* Requires additional environmental analysis on project
* Investors fear mine ramp up could be derailed
* Shares fall C$4.32 to C$45.10 (Adds details. In U.S. dollars, unless noted)
By Cameron French
TORONTO, Dec 4 (Reuters) - Shares of Barrick Gold (ABX.TO) fell 8.7 percent on Friday on fears that a U.S. court decision could derail the ramp-up of its $500 million Cortez Hills mine in Nevada, one of the company’s key growth projects.
A sharp drop in gold prices also weighed on the company’s stock.
An appeals court in San Francisco ruled on Thursday that the project — which has faced opposition from local native Indian leaders and environmental groups — requires additional environmental analysis by the U.S. Bureau of Land Management.
It will now be up to a district court to decide whether construction and preliminary mining of the deposit will be suspended.
Investors appeared rattled by the uncertainty, selling the company’s shares down by C$4.32 to C$45.10 on the Toronto Stock Exchange.
“It’s a surprise setback,” said John Ing, president of Toronto investment dealer Maison Placements.
He said the sharp move suggested investors expect the district court will halt the operation. “Everybody has assumed the cessation of mining, which is not necessarily so.”
The court decision partially reverses a district court ruling earlier this year that said Barrick could proceed with development of the project, despite the opposition.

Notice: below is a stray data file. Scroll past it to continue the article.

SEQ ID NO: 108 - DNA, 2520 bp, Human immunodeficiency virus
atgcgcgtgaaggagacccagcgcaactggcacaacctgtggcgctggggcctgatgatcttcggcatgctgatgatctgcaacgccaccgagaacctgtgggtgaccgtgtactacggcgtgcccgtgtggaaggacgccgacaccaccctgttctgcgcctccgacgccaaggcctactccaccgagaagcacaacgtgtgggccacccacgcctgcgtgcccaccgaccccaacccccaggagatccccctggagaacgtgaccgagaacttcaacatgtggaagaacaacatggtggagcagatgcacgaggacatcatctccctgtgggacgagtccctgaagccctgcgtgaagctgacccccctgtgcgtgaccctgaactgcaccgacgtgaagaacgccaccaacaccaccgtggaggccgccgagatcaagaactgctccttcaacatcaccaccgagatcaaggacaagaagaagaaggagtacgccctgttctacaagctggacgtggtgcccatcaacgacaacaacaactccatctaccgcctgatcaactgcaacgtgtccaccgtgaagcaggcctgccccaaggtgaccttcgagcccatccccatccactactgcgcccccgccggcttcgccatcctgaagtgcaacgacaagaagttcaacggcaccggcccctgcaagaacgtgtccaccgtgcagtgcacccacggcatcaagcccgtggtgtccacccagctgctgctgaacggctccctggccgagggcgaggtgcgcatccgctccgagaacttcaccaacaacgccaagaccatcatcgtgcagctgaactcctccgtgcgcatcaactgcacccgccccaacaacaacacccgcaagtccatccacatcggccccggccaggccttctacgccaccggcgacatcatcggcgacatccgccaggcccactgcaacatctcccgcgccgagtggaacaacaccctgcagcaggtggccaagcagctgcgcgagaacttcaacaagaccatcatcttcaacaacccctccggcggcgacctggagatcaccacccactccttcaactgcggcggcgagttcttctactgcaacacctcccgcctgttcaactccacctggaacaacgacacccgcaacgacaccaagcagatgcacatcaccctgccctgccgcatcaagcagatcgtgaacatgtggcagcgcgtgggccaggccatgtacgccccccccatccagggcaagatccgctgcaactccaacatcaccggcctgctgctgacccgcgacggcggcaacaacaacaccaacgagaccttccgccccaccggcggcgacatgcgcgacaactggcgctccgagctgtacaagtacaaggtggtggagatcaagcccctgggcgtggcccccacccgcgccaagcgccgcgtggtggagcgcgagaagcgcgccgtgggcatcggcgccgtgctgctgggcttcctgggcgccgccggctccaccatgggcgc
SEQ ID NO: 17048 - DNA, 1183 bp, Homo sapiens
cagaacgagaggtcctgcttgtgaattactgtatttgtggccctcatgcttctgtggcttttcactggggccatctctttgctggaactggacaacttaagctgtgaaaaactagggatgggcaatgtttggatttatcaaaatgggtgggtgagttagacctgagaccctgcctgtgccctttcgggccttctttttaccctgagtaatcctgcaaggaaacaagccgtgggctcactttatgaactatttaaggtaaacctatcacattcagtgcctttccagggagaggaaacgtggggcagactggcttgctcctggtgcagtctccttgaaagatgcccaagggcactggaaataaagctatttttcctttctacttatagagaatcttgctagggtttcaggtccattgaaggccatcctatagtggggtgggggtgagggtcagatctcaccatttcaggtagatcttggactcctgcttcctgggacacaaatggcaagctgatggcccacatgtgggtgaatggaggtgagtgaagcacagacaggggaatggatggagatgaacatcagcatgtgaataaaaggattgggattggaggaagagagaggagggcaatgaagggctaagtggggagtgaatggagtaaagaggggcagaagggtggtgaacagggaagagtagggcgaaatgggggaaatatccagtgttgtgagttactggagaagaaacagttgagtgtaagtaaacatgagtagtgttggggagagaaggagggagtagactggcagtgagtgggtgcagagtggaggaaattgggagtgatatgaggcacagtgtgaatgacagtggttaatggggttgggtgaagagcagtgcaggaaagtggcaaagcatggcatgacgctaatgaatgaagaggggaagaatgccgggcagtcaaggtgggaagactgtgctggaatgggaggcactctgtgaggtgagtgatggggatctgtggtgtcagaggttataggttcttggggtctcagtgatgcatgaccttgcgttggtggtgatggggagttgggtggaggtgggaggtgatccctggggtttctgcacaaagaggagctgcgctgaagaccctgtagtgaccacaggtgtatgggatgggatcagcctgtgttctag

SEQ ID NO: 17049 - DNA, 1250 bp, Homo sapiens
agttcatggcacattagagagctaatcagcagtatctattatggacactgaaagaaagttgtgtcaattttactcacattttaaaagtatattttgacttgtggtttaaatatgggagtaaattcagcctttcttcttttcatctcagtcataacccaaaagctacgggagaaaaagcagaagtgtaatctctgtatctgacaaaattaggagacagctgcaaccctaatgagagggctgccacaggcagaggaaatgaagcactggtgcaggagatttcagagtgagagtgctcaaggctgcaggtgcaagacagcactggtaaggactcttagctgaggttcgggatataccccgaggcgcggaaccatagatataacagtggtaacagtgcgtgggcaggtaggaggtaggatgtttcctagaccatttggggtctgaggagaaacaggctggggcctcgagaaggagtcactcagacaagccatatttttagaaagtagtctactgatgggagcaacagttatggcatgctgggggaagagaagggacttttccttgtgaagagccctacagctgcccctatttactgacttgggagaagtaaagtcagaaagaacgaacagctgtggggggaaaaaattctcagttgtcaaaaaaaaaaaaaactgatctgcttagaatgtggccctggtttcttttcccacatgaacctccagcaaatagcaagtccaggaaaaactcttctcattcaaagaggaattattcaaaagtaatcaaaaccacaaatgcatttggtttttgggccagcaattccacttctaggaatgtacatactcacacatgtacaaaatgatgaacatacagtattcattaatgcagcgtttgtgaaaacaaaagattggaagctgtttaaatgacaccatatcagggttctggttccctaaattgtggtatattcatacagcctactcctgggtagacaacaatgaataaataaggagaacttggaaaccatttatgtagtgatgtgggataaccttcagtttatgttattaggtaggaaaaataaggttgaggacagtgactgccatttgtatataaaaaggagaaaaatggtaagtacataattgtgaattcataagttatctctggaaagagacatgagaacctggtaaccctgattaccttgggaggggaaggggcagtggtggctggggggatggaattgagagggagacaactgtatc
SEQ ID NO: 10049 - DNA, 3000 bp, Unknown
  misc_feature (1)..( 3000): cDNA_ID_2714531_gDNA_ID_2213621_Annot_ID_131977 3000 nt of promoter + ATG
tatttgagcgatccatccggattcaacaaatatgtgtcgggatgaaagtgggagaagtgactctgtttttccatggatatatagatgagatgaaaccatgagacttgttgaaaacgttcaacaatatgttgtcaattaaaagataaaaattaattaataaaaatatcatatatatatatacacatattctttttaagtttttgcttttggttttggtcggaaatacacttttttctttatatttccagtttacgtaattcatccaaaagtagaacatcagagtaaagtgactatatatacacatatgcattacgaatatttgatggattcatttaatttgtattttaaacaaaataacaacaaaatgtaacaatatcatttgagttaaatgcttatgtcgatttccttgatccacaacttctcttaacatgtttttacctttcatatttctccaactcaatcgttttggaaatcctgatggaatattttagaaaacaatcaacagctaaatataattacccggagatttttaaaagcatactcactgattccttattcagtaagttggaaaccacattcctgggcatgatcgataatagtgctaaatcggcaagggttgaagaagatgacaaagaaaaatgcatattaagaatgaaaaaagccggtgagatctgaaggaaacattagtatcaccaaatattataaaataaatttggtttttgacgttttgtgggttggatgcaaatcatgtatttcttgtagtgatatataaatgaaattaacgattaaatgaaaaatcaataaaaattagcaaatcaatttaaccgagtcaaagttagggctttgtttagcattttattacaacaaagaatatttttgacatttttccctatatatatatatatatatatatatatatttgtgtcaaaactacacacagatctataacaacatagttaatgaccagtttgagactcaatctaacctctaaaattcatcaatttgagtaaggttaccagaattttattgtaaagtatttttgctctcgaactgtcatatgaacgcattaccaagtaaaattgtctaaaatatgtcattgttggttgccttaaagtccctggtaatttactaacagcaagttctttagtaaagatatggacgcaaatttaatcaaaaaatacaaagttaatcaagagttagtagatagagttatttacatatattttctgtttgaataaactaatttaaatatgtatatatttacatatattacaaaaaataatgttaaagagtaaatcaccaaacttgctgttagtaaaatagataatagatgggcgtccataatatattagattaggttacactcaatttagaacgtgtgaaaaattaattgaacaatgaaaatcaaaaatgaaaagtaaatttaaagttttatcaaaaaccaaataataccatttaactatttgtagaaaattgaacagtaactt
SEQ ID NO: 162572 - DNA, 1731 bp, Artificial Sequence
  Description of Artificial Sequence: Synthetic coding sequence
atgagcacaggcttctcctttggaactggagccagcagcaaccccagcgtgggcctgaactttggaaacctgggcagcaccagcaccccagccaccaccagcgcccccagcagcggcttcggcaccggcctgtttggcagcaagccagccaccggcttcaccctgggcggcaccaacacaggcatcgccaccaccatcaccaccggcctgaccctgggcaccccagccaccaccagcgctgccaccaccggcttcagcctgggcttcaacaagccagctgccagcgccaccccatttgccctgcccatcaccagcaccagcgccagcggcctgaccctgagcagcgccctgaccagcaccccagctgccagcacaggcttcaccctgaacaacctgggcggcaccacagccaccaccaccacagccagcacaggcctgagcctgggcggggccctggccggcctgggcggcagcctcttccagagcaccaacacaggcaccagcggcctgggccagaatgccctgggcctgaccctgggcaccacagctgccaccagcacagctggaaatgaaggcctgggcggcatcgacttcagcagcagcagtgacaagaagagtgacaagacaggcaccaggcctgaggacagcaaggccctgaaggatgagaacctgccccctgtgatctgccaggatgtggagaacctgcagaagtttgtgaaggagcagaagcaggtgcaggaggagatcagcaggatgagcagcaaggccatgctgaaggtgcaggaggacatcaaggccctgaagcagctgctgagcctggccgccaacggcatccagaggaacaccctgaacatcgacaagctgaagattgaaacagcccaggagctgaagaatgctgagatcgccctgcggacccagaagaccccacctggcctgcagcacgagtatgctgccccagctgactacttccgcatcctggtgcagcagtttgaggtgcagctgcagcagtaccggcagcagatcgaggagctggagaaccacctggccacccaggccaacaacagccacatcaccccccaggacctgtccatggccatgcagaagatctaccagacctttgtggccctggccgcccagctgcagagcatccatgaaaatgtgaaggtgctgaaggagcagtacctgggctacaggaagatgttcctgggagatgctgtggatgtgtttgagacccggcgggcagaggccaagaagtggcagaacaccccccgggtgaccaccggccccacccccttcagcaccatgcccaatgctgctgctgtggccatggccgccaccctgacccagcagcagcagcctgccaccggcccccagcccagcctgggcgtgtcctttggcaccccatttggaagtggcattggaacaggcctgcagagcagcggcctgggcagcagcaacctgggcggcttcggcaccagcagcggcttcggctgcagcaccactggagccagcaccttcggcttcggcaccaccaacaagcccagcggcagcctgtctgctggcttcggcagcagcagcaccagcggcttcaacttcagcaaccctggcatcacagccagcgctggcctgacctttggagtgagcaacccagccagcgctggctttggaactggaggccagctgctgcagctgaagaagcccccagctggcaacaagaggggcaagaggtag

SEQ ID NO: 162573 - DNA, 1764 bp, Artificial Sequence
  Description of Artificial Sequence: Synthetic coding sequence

The Western Shoshone tribe claim the development of Cortez Hills would destroy a sacred landmark on Mount Tenabo, which is located about 250 miles east of Reno, Nevada.
Barrick said in a statement that it is considering its legal options.
Cortez Hills, which is an expansion of Barrick’s Cortez mine, had been expected to start producing gold early next year, although some mining operations have already begun.
The combined Cortez operations are expected to produce 1 million ounces a year, or roughly 13 percent of Barrick’s expected 2010 output, at cash costs of $350 to $400 an ounce.
The project is one of three massive mine projects — Pueblo Viejo in the Dominican Republic and Pascua Lama on the border of Chile and Argentina are the others — that Barrick expects to boost its production and lower its average costs as they open over the next few years.
In a research note, J.P. Morgan analyst John Bridges said he had projected Cortez Hills to supply about one-sixth of Barrick’s pretax income next year.
Barrick’s shares were also hurt by weak gold prices. The metal fell 4 percent to below $1,170 an ounce after hitting a record of $1,226.10 on Thursday.
The sell-off followed surprisingly strong U.S. jobs data, which boosted the U.S. dollar and dented the gold’s appeal as a currency hedge.
$1=$1.05 Canadian Additional reporting by Euan Rocha; editing by Peter Galloway firstname.lastname@example.org; 416-941-8199: Reuters Messaging: email@example.com